In response to how I moved forward after I lost her, I don’t think I lost her … she only transitioned from what I knew. I am aware that I did have a loss, but I always remember that she told her husband and me that we had to continue on.
We promised her, and she even told us what we might do. I was raised to believe that even though things seemed tough, my family and I always had advantages and there were those in worse situations.
Perhaps those beliefs were a combination of a Christian-, Japanese- and Buddhist-influenced upbringing. I do know that the belief was definitely part of me, when Tara passed away and in other times when I start to feel sorry for myself.
I remember from my teens the phrase that if I was not part of the solution, I was part of the problem. That thought continues to inspire me. If we could not guarantee that she would get well and be cancer-free, we had to use our knowledge and heart to plan during Tara’s demise what served her the best.
Immediately after another tumor and cancer were detected, Tara started writing an autobiography. She wrote solidly for five months until her medical team gave her a few months to live.
Her book, which she was not able to finish, and online journaling showed her will to give all she could to her hundreds of supporters. When Tara could no longer type, she would dictate her upbeat attitude and gratitude in response to others. When she could no longer speak, I kept her presence alive, sharing her last days.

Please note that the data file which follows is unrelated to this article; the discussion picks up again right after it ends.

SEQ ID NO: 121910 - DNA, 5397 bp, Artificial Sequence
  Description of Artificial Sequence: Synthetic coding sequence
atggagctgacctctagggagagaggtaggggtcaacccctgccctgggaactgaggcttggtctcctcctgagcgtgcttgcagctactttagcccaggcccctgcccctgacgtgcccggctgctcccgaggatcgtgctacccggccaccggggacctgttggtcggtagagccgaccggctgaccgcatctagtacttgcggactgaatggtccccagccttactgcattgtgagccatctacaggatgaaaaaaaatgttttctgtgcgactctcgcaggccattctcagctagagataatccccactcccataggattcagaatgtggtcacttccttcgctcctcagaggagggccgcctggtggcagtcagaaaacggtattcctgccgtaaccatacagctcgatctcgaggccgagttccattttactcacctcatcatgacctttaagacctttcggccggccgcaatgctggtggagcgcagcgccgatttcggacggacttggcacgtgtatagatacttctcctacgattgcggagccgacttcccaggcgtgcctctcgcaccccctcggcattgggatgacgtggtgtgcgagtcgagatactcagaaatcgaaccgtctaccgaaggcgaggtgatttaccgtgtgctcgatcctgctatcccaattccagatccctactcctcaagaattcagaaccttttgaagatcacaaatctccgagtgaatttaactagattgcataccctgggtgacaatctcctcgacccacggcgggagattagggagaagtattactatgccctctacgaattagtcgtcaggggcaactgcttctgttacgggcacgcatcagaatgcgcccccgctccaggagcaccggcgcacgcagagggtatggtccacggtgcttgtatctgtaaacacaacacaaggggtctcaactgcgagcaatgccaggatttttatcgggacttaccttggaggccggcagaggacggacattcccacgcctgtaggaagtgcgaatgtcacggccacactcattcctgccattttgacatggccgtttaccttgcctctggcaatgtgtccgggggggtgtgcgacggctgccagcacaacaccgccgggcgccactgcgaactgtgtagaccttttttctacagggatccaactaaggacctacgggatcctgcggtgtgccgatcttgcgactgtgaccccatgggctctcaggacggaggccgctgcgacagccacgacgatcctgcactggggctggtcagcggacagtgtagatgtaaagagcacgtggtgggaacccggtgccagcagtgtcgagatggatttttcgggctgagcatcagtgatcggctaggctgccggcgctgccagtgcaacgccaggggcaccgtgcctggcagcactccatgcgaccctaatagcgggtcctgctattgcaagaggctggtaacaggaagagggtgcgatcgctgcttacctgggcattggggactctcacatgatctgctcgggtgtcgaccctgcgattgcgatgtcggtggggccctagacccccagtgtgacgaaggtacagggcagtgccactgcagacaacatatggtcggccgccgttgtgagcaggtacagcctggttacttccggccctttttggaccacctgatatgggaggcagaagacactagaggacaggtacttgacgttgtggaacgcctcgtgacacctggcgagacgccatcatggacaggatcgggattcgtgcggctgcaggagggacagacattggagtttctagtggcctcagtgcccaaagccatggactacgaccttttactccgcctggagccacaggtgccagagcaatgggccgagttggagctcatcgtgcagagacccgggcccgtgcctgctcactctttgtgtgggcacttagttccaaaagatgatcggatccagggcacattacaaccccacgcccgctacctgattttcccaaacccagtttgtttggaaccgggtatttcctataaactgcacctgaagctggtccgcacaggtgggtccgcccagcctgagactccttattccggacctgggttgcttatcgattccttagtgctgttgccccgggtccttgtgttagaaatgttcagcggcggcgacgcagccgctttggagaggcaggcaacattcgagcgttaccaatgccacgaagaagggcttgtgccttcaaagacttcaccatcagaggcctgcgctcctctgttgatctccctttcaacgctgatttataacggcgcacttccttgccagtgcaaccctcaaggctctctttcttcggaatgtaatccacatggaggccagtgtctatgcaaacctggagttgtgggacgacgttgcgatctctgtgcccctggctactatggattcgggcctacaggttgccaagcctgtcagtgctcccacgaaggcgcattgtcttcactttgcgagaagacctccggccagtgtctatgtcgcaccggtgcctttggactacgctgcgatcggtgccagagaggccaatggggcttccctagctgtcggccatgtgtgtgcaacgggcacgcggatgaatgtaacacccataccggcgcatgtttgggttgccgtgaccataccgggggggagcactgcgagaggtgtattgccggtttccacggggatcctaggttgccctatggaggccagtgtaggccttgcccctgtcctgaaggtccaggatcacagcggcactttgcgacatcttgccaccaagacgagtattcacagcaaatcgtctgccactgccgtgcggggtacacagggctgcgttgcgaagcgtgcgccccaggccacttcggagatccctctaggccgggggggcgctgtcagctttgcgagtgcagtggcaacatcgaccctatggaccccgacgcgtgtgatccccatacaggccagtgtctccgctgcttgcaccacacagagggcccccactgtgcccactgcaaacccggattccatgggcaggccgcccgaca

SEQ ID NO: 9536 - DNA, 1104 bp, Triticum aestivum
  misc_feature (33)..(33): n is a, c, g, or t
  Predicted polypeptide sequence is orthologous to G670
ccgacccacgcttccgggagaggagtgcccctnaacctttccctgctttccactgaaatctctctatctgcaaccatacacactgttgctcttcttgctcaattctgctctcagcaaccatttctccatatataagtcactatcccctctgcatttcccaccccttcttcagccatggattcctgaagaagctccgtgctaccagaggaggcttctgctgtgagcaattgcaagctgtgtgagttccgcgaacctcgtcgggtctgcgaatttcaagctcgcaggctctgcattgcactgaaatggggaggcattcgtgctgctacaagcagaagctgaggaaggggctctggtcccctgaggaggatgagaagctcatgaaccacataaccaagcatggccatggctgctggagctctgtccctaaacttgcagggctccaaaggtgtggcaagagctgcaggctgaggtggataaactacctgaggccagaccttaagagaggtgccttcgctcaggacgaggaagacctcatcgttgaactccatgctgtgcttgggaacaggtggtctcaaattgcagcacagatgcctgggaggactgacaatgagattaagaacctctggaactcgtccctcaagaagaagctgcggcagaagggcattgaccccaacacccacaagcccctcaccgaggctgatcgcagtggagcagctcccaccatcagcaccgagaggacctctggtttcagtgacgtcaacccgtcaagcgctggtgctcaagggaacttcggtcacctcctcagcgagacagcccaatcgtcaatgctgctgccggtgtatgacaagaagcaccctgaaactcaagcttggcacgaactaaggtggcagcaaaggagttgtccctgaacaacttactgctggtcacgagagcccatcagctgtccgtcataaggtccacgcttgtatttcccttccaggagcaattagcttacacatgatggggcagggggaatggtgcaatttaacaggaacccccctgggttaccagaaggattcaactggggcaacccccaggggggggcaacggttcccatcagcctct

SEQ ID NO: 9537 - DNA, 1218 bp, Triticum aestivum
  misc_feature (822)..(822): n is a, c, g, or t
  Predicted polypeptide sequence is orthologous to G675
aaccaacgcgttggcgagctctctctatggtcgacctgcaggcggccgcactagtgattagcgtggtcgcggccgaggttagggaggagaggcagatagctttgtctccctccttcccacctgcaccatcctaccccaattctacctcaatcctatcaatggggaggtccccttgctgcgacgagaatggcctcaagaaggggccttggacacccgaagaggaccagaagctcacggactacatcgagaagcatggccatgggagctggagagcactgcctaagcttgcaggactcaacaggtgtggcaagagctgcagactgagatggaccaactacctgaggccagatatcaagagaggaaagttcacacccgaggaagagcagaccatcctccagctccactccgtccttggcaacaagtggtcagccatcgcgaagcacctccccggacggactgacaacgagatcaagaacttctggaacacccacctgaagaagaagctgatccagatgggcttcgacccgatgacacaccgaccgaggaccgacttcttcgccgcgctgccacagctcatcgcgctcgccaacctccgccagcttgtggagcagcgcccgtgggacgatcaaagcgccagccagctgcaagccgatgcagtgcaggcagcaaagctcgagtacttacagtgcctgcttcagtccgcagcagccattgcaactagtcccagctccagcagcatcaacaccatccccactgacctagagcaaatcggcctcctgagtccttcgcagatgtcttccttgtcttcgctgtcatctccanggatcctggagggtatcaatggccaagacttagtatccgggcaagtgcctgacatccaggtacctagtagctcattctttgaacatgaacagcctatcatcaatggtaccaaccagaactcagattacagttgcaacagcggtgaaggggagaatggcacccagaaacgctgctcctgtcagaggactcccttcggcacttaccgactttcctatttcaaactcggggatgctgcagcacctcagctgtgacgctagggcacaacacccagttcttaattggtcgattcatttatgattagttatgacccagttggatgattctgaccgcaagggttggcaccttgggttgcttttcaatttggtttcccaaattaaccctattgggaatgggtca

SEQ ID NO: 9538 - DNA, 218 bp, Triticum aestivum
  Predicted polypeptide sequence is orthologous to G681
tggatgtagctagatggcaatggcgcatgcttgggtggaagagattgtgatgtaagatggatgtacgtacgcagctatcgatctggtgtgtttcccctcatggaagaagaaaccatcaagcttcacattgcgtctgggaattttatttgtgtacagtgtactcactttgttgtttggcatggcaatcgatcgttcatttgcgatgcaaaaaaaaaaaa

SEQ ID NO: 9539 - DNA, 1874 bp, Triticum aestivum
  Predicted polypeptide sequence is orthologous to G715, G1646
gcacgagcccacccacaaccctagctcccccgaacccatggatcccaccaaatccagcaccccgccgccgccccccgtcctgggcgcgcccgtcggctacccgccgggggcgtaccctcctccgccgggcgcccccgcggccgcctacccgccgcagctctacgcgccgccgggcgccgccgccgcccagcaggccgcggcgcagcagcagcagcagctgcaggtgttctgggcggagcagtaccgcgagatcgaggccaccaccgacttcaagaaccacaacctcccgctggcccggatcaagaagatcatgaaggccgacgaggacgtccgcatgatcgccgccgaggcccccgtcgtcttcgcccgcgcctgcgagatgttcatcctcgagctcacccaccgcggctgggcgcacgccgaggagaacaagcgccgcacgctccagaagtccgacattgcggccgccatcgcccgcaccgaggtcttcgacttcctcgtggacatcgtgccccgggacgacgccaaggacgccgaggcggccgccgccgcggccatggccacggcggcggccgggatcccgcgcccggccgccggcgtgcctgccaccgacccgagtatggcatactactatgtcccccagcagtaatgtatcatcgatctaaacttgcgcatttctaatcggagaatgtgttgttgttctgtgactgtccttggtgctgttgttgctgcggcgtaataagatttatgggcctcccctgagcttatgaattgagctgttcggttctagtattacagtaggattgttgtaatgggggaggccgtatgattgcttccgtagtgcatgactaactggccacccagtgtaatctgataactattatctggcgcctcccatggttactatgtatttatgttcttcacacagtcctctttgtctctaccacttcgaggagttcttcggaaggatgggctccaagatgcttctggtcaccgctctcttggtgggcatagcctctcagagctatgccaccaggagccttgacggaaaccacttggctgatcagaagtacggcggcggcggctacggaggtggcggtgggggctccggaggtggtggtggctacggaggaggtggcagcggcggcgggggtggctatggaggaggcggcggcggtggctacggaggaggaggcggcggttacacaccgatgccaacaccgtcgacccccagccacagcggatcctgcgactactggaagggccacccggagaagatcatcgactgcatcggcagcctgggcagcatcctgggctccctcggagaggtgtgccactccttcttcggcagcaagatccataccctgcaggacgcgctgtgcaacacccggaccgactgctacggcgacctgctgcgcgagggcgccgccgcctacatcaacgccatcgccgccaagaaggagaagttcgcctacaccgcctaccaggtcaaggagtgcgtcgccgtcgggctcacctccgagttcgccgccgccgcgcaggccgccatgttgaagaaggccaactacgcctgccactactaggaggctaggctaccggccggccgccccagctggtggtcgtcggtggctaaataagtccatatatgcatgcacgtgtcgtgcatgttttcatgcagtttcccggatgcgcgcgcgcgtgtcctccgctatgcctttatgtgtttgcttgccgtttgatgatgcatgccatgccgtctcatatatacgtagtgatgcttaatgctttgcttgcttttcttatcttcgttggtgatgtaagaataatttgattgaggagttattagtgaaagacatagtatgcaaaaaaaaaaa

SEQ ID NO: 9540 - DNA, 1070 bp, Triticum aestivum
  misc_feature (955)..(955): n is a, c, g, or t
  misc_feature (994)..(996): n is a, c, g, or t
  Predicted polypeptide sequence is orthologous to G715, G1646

Being determined to always remember Tara and be buoyed by those memories, I intentionally celebrate her birth and her physical death by sharing our story through photos, writings, scrapbooks and via social media.
I have stayed connected with her good friends and her husband, who is wonderfully still in my life. Many of the donations I make focus on honoring and remembering her and what she represented. I do the same in memorials for others.
Writing about our relationship and not her diagnosis has been the focus of my memories of Tara. Today and always, she remains so much a part of who I am. Plus, a pendant, paver, curb and park sign reading, “Tara, Always in Our Hearts” are continual reminders of her beautiful life.
I am so grateful for Pam and how she has been willing to share the hardest thing a mother has to face. I appreciate how she has kept Tara’s memory alive and the strength she has received from her own personal beliefs, her child and her upbringing.
And like so many mothers I have met along the way who have faced challenging situations, Pam has led with love and today still radiates love in all she is doing. Tara, you would be so proud. …
And when one of us is gone,
And one of us is left to carry on,
Then remembering will have to do,
Our memories alone will get us through
Think about the days of me and you,
Of you and me against the world.
— Recorded by Helen Reddy
Marsha Aizumi is an advocate in the LGBT community and author of the book “Two Spirits, One Heart: A Mother, Her Transgender Son and Their Journey to Love and Acceptance.” She is a columnist for Pacific Citizen, where this article was first published on Sept. 10, 2021.